Notorious mobster Al Capone's '$113,000' Colt revolver aims high in London


2015-06-26 12:26:34


Notorious mobster Al Capone's '$113,000' Colt revolver aims high in London

The gun of the St Valentine's Day Massacre gangster may sell for many times what it did in 2010

Al Capone is remembered as being the classic American mobster, and recreated in various movies with pinstripe suits and an angled fedora.

Recreation of the infamous St Valentine's day massacre

Operating in Chicago primarily from the early 1920s to 1931 (when Prohibition was in force) his gang mostly smuggled liquor, and became involved in increasingly violent turf wars over the trade including the Valentine's Day Massacre.

"You can get much farther with a kind word and a gun than you can with a kind word alone." Capone was once quoted as saying (referred to in Forbes, 1986).

Famously, the authorities decided to pursue him on tax evasion charges as they were concerned that the evidence might not be strong enough to convict him of responsibility for his bloodier crimes.

Last year, a Colt Police Positive .38 Special revolver owned by Capone, and used by him alone during his lifetime before passing to his brother Ralph 'Bottles' Capone. This is confirmed by a letter from Ralph's wife.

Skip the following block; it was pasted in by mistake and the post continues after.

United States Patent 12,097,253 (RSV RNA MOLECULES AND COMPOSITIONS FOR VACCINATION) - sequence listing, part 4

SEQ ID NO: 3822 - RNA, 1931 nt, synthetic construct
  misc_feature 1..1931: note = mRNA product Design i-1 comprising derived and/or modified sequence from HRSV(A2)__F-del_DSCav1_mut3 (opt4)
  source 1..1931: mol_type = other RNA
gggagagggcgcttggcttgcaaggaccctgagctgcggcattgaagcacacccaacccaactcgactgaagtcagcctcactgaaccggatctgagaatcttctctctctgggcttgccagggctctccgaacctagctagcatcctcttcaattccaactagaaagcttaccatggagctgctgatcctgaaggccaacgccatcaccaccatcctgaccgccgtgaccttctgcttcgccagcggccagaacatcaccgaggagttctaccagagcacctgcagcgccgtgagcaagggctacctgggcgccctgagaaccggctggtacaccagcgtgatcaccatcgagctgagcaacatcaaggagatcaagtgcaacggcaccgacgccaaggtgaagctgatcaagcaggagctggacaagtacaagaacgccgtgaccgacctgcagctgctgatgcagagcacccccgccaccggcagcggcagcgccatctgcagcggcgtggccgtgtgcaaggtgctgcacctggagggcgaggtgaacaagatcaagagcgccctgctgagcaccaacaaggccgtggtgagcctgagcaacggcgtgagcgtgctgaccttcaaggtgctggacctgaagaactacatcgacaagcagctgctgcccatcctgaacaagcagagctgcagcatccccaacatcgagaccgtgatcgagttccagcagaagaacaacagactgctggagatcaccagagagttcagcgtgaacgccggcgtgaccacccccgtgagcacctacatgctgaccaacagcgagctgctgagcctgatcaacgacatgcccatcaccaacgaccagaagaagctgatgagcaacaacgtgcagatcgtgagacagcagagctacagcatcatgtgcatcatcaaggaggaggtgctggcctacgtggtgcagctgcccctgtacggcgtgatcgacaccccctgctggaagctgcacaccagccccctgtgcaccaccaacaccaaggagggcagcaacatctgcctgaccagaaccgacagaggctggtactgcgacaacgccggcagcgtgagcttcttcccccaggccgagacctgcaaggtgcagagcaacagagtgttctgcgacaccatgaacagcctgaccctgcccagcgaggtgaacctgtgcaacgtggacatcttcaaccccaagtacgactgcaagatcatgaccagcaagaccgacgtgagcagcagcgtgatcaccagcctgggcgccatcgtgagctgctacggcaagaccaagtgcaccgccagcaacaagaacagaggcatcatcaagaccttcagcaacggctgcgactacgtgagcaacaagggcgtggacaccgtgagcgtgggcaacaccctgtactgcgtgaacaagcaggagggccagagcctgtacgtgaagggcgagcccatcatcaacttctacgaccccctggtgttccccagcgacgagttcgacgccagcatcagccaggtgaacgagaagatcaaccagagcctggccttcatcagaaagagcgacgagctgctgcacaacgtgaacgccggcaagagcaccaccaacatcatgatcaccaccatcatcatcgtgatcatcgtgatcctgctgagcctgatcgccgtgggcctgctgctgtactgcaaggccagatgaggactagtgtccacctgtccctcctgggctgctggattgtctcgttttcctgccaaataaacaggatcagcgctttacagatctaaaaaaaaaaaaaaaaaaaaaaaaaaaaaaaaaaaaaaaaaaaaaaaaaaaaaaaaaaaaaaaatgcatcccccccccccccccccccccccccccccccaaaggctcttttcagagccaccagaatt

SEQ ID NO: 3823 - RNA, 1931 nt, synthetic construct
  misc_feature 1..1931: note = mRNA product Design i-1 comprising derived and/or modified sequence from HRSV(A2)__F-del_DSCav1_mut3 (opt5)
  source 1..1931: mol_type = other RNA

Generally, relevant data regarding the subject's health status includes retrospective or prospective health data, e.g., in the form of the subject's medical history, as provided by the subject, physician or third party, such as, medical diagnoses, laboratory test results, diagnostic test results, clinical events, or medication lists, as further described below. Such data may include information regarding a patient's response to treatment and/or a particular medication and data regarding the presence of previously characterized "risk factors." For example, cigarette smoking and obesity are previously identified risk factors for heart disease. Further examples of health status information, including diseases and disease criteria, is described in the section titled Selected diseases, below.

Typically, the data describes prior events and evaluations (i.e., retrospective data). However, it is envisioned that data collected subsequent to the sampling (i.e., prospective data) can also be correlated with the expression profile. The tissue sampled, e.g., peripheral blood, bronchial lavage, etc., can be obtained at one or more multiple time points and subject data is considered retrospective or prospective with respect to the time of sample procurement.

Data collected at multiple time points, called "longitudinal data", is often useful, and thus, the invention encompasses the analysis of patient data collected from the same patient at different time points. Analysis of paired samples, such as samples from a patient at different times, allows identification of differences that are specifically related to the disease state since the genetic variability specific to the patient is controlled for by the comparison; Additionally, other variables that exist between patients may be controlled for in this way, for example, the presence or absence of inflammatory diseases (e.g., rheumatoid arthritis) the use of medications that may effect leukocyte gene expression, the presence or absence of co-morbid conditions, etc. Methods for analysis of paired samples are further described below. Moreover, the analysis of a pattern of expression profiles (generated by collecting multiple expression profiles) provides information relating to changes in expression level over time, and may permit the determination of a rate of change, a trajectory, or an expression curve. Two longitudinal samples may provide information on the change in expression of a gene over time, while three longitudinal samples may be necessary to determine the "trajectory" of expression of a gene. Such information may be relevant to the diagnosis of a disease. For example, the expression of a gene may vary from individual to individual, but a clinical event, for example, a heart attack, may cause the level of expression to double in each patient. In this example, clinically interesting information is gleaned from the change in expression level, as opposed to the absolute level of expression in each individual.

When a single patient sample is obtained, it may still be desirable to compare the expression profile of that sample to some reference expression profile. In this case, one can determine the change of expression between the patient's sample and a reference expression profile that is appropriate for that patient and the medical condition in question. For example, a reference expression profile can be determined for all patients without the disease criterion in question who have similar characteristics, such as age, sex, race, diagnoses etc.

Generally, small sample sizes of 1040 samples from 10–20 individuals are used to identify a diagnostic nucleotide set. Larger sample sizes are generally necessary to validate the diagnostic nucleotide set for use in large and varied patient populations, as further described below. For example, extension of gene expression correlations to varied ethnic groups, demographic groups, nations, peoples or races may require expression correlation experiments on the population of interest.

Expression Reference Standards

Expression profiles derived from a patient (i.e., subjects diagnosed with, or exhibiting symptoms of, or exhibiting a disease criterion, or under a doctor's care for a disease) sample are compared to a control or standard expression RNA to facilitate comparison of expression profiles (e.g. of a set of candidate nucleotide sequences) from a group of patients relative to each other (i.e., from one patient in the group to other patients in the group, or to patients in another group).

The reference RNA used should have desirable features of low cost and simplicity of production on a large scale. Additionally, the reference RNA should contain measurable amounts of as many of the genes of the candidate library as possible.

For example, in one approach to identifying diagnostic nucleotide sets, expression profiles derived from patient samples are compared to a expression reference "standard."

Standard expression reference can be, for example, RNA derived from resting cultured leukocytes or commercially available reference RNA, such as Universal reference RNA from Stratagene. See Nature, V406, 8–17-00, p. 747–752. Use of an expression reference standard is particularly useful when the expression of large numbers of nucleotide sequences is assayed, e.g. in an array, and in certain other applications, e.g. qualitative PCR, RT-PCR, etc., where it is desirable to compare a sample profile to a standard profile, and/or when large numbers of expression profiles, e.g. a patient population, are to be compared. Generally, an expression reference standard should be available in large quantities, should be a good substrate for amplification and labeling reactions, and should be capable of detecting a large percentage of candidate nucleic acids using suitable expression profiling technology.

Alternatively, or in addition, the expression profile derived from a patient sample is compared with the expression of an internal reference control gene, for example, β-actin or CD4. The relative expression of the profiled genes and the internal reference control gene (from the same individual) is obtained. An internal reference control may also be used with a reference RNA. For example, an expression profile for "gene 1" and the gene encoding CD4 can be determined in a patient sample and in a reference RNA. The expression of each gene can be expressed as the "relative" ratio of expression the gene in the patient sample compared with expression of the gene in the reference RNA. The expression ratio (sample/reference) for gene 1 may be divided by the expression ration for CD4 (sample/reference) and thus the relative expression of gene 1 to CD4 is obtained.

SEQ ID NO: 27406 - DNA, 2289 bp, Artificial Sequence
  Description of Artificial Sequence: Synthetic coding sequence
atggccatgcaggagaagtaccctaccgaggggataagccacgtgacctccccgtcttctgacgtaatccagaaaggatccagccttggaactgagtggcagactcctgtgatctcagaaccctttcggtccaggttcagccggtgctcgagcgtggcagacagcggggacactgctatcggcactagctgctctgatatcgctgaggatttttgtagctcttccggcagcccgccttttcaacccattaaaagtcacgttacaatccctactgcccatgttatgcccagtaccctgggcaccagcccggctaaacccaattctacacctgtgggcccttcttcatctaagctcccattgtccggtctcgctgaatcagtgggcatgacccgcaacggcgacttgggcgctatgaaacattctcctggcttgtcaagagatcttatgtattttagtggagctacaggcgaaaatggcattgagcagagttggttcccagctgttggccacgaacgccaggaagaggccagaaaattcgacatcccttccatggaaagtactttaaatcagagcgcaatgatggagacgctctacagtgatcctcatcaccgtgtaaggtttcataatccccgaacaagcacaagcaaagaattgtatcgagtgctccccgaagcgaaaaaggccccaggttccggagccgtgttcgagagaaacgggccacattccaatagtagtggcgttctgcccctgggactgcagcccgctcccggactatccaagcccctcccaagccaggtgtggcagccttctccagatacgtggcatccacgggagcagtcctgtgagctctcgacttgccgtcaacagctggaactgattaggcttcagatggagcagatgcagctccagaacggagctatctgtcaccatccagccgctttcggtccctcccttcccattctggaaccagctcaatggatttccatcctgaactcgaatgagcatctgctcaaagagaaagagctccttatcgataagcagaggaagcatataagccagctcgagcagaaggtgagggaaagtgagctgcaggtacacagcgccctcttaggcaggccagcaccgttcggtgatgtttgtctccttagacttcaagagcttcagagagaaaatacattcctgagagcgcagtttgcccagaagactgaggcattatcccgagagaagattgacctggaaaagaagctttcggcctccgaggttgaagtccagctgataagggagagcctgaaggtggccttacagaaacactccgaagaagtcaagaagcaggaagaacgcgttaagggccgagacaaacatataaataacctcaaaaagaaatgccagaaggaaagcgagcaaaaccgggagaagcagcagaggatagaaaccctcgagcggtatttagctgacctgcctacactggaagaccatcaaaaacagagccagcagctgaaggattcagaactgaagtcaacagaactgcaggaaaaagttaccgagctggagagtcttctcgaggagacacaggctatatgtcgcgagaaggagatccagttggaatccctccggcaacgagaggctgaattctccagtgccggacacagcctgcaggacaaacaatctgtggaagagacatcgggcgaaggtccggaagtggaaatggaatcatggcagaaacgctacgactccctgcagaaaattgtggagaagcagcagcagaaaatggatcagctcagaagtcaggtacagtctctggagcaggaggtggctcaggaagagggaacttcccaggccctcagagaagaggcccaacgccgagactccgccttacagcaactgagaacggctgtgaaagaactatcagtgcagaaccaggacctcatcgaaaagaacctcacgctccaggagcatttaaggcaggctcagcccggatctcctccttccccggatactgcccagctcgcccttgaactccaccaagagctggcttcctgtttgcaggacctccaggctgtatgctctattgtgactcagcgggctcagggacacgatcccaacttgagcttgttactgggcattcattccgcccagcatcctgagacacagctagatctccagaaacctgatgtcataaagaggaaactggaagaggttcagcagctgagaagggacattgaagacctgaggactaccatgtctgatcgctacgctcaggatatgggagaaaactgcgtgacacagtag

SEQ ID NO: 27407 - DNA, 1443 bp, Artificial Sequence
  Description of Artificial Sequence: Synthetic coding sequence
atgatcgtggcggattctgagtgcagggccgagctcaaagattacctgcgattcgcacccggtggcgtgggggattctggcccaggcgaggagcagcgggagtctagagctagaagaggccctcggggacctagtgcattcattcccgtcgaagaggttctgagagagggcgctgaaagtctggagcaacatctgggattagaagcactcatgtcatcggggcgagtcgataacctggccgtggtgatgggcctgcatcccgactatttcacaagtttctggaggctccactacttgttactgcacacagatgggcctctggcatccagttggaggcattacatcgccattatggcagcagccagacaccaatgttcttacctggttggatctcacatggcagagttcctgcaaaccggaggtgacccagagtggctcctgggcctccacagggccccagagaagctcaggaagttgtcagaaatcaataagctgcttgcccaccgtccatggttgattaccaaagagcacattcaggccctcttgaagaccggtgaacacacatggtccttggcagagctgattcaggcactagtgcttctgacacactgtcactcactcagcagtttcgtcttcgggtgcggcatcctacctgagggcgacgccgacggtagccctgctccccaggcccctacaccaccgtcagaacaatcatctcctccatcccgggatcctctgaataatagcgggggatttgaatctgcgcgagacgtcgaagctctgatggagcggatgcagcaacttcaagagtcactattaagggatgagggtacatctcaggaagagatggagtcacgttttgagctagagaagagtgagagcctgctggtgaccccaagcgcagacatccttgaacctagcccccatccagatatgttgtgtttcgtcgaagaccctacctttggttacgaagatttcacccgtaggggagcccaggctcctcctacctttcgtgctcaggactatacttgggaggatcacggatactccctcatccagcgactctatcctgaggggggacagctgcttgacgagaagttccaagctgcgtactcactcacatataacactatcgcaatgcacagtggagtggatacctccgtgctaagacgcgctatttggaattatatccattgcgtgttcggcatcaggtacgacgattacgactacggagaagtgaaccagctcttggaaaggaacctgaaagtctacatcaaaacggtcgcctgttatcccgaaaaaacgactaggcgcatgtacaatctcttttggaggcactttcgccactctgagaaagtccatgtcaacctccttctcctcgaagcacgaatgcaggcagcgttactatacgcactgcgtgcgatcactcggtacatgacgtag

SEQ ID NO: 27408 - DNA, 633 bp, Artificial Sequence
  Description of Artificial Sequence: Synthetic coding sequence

The weapon was sold by Alexander Autographs in October 2010 for a relatively modest $20,000 - not that it was a weak sale for the company, which also sold Wyatt Earp's sketch of the infamous Gunfight at the OK Corral for a stunning $380,000 - but it looked like something of a bargain.

Now, the gun's new owner appears to have put their mind to doing just that, as the revolver is going under the hammer at Christie's in London with a considerably more ambitious estimate: 50,000-70,000 ($80,750 - $113,050).

Al Capone's revolverAl Capone's revolver (kind words are included in the lot)

This would perhaps be more in keeping with notorious shooters at auction:

In December, 1991 Jack Ruby's Colt Cobra .38 Special, the gun used to kill Lee Harvey Oswald, was sold at auction for in excess of $200,000, and Buffalo Bill's pistol sold in 1998 for in excess of $120,000. In 2009 John Dillinger's derringer fetched $96,000 at auction.

Even a fake wooden gun believed to have been carved by Dillinger sold for $19,000.

Collectibles can make excellent tangible investments over time, but it's not unheard of for collectors to re-sell almost immediately at a significant profit. The Capone revolver goes up for sale on June 22. Watch this space for more news of the exciting auction.

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